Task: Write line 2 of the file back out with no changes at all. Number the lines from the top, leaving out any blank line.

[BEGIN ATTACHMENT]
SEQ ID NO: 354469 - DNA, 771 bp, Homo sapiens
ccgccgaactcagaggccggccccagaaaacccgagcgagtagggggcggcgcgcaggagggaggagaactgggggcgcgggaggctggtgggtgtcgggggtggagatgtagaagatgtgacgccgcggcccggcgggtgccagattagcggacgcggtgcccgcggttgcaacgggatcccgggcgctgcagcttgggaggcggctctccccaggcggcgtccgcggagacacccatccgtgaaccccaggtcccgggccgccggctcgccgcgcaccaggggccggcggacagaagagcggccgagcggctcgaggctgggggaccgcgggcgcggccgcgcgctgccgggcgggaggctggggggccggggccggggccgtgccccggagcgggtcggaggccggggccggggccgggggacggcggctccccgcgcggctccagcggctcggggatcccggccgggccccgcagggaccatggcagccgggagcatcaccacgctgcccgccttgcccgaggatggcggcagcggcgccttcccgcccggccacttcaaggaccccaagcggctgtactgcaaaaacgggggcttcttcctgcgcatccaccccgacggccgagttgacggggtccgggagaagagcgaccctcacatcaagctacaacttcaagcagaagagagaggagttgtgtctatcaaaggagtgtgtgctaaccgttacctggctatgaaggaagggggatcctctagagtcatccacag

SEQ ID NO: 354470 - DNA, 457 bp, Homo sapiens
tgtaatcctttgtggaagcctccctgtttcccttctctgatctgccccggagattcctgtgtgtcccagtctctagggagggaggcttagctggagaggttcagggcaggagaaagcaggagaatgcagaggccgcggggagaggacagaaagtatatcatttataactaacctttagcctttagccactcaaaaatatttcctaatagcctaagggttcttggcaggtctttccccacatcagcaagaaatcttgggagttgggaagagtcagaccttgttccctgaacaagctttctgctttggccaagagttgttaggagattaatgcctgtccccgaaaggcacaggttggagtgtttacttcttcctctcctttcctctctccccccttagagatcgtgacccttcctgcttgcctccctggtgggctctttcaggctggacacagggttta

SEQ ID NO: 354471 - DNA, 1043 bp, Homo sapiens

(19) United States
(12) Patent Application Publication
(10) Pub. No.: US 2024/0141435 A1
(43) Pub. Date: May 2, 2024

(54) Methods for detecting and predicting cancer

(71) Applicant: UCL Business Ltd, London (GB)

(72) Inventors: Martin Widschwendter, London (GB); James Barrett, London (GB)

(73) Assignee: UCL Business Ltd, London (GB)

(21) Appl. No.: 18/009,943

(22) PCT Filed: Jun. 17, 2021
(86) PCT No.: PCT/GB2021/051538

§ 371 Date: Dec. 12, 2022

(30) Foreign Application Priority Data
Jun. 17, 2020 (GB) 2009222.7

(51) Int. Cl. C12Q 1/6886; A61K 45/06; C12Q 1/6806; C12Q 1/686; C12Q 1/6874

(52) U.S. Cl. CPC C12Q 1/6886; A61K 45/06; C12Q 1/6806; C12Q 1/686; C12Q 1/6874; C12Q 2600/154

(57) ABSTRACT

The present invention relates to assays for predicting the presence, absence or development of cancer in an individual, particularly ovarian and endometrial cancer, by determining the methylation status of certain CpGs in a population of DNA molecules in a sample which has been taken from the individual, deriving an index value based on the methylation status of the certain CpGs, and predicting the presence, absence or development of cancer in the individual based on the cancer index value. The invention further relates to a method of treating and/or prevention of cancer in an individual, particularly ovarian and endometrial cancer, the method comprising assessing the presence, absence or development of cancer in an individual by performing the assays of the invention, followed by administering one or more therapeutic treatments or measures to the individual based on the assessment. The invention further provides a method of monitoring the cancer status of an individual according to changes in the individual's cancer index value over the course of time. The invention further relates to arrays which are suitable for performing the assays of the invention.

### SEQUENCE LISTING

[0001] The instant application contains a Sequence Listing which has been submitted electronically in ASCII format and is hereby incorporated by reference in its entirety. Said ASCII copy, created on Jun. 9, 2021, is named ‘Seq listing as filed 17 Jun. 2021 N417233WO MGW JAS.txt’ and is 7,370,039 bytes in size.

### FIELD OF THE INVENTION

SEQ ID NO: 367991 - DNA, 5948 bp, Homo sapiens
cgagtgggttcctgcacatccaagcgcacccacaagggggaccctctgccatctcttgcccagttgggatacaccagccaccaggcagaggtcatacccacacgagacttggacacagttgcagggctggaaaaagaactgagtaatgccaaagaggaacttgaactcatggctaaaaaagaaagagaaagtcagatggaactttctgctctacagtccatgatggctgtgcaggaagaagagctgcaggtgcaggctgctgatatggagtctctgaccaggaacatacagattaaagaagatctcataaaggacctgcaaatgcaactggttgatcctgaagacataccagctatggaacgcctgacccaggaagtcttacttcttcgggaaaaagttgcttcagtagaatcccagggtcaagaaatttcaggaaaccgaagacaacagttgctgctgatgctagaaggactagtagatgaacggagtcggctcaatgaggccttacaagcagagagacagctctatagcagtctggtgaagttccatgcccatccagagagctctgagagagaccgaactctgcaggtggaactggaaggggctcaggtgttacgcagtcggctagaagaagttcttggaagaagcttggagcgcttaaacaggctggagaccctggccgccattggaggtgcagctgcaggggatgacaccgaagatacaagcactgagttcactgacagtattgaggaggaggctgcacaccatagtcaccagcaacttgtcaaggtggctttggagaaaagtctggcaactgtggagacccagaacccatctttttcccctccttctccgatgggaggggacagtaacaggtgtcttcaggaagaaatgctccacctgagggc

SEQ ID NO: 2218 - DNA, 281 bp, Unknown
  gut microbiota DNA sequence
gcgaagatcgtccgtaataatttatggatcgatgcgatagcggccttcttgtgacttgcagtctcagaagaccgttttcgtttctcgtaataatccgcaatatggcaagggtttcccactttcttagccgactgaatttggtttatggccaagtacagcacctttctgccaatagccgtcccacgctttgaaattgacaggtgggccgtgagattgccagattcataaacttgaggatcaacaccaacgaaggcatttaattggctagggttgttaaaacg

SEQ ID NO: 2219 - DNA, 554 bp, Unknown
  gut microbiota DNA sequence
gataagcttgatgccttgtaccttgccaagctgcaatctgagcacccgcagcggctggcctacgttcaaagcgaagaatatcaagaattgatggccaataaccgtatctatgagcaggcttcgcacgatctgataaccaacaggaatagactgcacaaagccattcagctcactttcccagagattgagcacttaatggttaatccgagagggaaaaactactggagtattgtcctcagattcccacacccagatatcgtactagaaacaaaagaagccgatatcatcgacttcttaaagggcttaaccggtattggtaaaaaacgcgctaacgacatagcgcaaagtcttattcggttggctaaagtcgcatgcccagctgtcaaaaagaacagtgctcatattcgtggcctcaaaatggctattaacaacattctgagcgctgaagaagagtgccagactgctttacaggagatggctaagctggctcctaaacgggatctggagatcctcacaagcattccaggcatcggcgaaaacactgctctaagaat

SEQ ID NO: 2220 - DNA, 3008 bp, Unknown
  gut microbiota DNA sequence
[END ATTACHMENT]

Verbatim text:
ccgccgaactcagaggccggccccagaaaacccgagcgagtagggggcggcgcgcaggagggaggagaactgggggcgcgggaggctggtgggtgtcgggggtggagatgtagaagatgtgacgccgcggcccggcgggtgccagattagcggacgcggtgcccgcggttgcaacgggatcccgggcgctgcagcttgggaggcggctctccccaggcggcgtccgcggagacacccatccgtgaaccccaggtcccgggccgccggctcgccgcgcaccaggggccggcggacagaagagcggccgagcggctcgaggctgggggaccgcgggcgcggccgcgcgctgccgggcgggaggctggggggccggggccggggccgtgccccggagcgggtcggaggccggggccggggccgggggacggcggctccccgcgcggctccagcggctcggggatcccggccgggccccgcagggaccatggcagccgggagcatcaccacgctgcccgccttgcccgaggatggcggcagcggcgccttcccgcccggccacttcaaggaccccaagcggctgtactgcaaaaacgggggcttcttcctgcgcatccaccccgacggccgagttgacggggtccgggagaagagcgaccctcacatcaagctacaacttcaagcagaagagagaggagttgtgtctatcaaaggagtgtgtgctaaccgttacctggctatgaaggaagggggatcctctagagtcatccacag